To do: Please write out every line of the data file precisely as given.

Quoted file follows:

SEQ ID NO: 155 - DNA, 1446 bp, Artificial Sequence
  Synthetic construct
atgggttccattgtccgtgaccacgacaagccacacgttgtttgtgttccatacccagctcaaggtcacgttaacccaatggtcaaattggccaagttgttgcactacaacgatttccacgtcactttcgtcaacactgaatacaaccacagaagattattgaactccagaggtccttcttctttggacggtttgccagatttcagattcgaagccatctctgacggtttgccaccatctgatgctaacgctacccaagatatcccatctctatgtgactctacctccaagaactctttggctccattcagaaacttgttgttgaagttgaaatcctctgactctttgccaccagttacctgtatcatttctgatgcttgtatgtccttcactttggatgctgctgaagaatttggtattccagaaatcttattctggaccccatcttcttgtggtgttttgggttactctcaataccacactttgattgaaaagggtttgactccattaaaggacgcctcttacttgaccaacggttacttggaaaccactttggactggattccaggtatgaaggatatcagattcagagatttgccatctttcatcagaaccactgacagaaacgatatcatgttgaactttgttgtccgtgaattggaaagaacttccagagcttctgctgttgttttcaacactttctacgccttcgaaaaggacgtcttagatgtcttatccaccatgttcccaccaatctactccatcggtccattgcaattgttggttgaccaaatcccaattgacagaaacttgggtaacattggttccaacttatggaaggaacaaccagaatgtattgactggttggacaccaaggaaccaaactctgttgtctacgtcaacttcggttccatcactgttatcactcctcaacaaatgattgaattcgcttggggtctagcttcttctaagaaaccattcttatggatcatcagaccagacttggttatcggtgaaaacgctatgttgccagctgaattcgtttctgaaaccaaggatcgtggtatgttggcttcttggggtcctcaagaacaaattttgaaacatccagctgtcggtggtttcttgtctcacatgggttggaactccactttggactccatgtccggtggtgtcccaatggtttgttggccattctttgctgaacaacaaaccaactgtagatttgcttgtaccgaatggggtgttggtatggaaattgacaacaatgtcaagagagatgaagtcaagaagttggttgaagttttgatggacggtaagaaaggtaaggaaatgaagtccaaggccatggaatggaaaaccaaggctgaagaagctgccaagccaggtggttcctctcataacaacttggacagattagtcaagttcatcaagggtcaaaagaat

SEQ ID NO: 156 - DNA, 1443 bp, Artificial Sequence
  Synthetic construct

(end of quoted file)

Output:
SEQ ID NO: 155 - DNA, 1446 bp, Artificial Sequence
  Synthetic construct
atgggttccattgtccgtgaccacgacaagccacacgttgtttgtgttccatacccagctcaaggtcacgttaacccaatggtcaaattggccaagttgttgcactacaacgatttccacgtcactttcgtcaacactgaatacaaccacagaagattattgaactccagaggtccttcttctttggacggtttgccagatttcagattcgaagccatctctgacggtttgccaccatctgatgctaacgctacccaagatatcccatctctatgtgactctacctccaagaactctttggctccattcagaaacttgttgttgaagttgaaatcctctgactctttgccaccagttacctgtatcatttctgatgcttgtatgtccttcactttggatgctgctgaagaatttggtattccagaaatcttattctggaccccatcttcttgtggtgttttgggttactctcaataccacactttgattgaaaagggtttgactccattaaaggacgcctcttacttgaccaacggttacttggaaaccactttggactggattccaggtatgaaggatatcagattcagagatttgccatctttcatcagaaccactgacagaaacgatatcatgttgaactttgttgtccgtgaattggaaagaacttccagagcttctgctgttgttttcaacactttctacgccttcgaaaaggacgtcttagatgtcttatccaccatgttcccaccaatctactccatcggtccattgcaattgttggttgaccaaatcccaattgacagaaacttgggtaacattggttccaacttatggaaggaacaaccagaatgtattgactggttggacaccaaggaaccaaactctgttgtctacgtcaacttcggttccatcactgttatcactcctcaacaaatgattgaattcgcttggggtctagcttcttctaagaaaccattcttatggatcatcagaccagacttggttatcggtgaaaacgctatgttgccagctgaattcgtttctgaaaccaaggatcgtggtatgttggcttcttggggtcctcaagaacaaattttgaaacatccagctgtcggtggtttcttgtctcacatgggttggaactccactttggactccatgtccggtggtgtcccaatggtttgttggccattctttgctgaacaacaaaccaactgtagatttgcttgtaccgaatggggtgttggtatggaaattgacaacaatgtcaagagagatgaagtcaagaagttggttgaagttttgatggacggtaagaaaggtaaggaaatgaagtccaaggccatggaatggaaaaccaaggctgaagaagctgccaagccaggtggttcctctcataacaacttggacagattagtcaagttcatcaagggtcaaaagaat

SEQ ID NO: 156 - DNA, 1443 bp, Artificial Sequence
  Synthetic construct